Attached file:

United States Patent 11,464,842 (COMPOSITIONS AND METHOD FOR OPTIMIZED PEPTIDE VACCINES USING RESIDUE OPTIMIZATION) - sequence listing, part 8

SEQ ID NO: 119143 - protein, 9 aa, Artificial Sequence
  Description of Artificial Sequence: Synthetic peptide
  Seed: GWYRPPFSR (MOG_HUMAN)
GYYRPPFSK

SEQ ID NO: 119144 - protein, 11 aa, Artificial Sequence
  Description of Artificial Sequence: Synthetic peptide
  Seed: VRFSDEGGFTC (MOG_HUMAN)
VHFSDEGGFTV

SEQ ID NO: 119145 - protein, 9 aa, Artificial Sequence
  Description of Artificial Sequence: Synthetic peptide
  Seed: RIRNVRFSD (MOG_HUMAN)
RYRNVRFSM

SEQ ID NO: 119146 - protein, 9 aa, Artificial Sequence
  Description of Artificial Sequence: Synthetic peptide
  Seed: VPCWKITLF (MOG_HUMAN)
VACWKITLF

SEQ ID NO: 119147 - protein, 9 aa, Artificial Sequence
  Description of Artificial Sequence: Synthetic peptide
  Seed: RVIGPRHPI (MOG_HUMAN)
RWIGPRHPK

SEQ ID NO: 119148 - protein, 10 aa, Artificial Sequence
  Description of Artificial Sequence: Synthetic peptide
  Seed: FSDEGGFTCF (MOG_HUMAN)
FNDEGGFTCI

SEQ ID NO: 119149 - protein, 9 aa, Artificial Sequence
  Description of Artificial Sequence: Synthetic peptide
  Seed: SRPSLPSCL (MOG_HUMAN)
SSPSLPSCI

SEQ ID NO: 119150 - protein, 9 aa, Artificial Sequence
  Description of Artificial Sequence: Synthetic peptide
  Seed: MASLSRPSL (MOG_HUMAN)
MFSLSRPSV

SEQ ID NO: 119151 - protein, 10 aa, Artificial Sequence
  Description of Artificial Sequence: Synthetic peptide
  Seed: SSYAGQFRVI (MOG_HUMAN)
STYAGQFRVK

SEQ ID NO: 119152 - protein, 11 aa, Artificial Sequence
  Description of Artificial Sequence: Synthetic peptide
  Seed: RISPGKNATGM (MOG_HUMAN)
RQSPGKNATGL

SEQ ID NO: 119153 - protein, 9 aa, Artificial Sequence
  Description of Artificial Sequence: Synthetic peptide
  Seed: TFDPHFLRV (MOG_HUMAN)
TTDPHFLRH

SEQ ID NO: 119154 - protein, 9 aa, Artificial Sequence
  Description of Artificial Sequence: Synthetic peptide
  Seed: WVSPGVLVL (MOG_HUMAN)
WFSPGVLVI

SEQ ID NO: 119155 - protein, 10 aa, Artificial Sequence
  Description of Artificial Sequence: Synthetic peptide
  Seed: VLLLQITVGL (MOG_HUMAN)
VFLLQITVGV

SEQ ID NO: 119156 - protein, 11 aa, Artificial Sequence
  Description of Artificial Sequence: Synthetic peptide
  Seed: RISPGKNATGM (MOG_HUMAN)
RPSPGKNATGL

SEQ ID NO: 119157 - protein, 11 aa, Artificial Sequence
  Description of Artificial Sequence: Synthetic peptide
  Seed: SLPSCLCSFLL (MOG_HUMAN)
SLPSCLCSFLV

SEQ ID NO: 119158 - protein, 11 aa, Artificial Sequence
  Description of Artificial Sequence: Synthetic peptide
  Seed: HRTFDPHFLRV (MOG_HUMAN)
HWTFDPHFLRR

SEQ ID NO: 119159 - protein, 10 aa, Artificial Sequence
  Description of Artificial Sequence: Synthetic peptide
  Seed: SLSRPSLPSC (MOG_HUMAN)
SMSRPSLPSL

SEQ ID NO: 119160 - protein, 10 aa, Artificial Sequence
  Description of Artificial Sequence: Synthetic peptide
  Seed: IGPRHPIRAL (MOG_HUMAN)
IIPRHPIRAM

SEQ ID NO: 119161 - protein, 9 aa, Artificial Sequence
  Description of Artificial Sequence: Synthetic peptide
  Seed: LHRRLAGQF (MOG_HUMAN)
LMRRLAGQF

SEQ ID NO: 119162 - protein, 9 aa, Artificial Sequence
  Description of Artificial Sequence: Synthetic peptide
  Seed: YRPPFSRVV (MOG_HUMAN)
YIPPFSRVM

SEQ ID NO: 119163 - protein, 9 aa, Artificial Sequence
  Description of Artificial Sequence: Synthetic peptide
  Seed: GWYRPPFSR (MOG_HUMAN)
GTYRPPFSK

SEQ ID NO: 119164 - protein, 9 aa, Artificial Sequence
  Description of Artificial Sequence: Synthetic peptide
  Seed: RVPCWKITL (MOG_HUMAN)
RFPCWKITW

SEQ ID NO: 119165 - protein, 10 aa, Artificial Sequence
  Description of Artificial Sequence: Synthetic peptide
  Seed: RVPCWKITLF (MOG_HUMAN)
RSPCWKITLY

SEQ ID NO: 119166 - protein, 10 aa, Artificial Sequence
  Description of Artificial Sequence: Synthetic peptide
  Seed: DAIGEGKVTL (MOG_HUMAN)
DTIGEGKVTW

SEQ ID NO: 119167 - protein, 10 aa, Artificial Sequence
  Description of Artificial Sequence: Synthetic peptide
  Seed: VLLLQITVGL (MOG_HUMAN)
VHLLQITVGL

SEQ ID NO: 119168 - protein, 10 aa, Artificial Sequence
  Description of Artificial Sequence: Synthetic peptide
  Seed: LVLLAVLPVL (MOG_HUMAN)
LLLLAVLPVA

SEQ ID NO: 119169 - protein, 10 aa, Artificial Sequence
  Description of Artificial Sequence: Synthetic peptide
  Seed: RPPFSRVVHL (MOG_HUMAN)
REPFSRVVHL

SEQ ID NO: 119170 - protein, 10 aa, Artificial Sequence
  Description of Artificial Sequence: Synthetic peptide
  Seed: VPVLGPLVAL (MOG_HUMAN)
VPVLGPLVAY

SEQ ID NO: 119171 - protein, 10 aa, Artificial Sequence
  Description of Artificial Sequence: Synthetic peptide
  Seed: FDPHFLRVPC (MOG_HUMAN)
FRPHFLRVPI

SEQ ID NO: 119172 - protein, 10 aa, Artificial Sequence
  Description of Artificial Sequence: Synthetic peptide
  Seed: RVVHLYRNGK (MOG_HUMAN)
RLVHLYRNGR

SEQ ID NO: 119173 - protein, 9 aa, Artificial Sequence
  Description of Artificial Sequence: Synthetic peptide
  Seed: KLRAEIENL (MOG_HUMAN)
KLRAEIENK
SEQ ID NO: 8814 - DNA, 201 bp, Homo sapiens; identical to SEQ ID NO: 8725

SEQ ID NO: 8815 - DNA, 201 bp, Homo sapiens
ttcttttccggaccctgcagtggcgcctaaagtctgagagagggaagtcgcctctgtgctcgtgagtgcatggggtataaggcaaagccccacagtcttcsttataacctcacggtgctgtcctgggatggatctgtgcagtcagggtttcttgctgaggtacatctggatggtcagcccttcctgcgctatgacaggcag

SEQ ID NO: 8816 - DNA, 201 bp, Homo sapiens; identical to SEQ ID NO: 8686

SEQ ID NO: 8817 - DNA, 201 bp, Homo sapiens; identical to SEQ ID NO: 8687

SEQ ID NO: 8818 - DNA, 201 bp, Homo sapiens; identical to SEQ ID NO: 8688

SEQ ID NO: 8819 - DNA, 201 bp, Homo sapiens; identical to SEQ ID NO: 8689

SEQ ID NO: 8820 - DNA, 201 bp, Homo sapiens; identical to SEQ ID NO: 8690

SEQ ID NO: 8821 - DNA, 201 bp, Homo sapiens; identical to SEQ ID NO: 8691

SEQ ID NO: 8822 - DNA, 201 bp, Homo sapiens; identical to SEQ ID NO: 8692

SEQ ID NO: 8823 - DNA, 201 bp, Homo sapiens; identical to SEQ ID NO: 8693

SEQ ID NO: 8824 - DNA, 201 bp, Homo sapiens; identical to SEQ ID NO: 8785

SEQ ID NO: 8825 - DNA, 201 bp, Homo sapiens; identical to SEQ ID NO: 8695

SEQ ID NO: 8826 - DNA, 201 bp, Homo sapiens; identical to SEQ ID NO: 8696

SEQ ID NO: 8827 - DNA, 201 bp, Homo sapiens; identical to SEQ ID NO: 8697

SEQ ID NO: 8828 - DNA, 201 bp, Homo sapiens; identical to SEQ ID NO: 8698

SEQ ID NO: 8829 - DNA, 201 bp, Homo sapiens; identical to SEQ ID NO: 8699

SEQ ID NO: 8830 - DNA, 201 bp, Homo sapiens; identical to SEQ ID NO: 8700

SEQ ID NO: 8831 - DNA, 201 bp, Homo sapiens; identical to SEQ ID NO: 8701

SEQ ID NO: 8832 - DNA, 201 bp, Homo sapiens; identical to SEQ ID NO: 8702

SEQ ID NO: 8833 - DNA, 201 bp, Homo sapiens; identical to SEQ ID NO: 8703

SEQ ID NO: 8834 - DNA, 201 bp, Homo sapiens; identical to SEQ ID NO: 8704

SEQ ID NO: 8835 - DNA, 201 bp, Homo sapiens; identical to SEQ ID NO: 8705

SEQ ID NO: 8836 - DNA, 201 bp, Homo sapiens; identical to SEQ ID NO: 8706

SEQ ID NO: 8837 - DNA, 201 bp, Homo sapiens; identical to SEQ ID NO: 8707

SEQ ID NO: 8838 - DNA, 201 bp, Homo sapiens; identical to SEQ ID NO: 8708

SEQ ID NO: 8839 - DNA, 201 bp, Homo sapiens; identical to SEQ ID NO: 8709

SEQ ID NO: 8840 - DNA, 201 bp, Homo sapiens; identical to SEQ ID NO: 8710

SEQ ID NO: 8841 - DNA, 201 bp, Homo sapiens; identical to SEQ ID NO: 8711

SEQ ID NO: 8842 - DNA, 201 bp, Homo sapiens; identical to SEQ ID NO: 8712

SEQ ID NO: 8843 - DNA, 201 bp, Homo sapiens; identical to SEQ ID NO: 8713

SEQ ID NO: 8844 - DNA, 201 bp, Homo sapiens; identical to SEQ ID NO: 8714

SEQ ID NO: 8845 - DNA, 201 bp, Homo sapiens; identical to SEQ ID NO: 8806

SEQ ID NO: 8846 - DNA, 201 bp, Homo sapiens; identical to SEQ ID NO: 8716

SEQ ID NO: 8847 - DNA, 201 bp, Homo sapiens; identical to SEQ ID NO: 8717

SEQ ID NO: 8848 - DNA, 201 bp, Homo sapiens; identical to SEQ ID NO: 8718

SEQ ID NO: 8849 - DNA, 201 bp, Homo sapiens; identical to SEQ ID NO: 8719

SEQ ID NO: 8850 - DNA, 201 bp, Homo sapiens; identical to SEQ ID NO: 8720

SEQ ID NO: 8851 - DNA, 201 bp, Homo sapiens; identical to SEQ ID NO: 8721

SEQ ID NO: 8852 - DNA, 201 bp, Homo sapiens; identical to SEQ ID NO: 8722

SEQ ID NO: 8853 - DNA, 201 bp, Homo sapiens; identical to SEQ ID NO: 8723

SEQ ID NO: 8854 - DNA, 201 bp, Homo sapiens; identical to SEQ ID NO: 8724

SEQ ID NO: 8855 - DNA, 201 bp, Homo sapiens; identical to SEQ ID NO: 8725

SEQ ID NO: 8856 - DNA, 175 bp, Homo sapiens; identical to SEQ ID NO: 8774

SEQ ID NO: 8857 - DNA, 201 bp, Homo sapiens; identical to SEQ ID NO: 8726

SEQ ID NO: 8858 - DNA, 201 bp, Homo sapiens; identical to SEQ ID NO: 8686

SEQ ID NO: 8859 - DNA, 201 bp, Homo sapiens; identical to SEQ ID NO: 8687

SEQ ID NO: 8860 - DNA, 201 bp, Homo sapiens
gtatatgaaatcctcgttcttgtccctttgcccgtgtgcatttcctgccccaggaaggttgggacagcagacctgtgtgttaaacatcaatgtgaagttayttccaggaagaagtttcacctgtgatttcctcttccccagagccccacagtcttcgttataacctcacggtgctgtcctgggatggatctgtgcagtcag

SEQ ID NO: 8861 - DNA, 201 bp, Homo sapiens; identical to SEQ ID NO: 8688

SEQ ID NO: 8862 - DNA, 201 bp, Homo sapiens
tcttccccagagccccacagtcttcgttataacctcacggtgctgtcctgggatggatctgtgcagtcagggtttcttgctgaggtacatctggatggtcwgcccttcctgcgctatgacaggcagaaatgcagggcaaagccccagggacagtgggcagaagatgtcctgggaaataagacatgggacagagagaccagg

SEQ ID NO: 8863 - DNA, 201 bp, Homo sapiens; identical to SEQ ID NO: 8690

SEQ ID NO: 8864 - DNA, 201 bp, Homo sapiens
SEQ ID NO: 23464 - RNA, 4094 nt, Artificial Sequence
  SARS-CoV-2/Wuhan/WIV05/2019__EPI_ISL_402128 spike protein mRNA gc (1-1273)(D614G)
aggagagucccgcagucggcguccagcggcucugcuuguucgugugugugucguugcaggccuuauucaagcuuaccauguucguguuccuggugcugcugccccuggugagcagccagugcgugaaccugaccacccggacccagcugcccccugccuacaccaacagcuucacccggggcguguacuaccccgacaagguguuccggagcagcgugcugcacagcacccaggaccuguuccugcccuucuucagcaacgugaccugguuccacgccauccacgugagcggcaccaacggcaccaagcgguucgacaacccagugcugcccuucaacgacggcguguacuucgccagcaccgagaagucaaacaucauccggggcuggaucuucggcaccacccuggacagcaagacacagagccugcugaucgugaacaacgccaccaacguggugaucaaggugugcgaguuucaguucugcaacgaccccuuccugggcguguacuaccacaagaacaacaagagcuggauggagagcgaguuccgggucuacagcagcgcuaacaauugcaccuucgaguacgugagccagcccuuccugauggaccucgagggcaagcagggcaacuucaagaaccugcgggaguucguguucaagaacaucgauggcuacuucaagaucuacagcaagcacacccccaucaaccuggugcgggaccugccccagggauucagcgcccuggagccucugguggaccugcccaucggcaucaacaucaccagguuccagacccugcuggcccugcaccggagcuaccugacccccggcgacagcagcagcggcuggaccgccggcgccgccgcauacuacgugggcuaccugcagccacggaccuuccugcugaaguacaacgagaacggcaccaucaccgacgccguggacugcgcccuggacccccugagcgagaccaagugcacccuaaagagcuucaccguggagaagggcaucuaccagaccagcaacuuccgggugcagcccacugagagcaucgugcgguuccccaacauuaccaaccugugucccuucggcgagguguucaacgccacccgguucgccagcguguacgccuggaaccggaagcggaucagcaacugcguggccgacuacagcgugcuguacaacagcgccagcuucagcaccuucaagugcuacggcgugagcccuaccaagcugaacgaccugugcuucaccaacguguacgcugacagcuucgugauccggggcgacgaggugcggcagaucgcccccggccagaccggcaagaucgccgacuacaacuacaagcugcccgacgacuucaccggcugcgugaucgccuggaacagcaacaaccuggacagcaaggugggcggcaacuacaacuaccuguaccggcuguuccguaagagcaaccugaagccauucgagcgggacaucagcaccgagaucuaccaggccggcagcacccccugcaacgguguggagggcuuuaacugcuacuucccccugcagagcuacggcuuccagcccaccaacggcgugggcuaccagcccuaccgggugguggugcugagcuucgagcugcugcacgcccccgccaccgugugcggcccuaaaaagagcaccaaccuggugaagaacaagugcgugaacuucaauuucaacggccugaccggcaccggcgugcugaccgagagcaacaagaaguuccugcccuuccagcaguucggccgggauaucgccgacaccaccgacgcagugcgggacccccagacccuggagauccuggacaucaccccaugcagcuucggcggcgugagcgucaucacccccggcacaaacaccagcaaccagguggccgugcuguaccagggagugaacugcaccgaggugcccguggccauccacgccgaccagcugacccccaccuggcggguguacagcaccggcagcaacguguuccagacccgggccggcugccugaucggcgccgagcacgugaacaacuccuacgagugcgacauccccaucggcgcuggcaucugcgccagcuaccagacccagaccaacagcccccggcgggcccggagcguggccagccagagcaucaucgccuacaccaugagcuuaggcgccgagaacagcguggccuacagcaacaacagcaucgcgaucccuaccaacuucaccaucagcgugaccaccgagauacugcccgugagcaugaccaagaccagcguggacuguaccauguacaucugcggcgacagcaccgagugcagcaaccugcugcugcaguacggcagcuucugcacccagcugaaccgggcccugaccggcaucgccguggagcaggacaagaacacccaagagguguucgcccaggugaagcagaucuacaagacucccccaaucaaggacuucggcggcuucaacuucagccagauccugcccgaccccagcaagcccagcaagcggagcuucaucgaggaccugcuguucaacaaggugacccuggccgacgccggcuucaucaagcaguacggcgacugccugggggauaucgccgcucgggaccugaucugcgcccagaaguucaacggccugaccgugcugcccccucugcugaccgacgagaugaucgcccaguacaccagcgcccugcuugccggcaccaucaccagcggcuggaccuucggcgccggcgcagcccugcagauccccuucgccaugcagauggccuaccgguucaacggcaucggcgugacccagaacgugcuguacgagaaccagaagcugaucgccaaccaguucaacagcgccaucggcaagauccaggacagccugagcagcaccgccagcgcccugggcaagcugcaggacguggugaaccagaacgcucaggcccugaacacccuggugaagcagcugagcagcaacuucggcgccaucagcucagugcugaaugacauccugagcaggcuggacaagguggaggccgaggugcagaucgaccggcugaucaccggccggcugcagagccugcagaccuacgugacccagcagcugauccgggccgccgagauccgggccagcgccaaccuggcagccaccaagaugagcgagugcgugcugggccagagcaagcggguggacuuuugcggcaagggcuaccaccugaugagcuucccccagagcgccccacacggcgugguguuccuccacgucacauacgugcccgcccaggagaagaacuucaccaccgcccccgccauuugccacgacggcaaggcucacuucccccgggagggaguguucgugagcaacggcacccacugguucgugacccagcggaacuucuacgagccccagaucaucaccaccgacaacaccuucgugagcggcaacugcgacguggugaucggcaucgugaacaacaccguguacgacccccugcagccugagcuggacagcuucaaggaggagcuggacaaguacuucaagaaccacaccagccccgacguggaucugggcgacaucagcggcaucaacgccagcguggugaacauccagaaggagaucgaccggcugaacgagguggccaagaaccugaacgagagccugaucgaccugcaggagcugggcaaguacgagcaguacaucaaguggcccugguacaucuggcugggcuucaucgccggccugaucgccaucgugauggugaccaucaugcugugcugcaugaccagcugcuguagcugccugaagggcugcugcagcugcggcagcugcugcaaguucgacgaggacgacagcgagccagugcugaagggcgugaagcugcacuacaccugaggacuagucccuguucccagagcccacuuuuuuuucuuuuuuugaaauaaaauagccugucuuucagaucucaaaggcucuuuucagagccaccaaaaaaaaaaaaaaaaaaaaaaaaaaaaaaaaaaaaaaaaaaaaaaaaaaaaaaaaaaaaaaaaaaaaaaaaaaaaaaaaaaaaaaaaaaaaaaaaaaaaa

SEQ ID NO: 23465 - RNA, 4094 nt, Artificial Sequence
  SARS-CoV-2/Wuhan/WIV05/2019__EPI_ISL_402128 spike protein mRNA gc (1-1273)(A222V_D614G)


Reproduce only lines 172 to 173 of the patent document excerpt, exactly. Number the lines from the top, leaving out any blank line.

SEQ ID NO: 8859 - DNA, 201 bp, Homo sapiens; identical to SEQ ID NO: 8687

SEQ ID NO: 8860 - DNA, 201 bp, Homo sapiens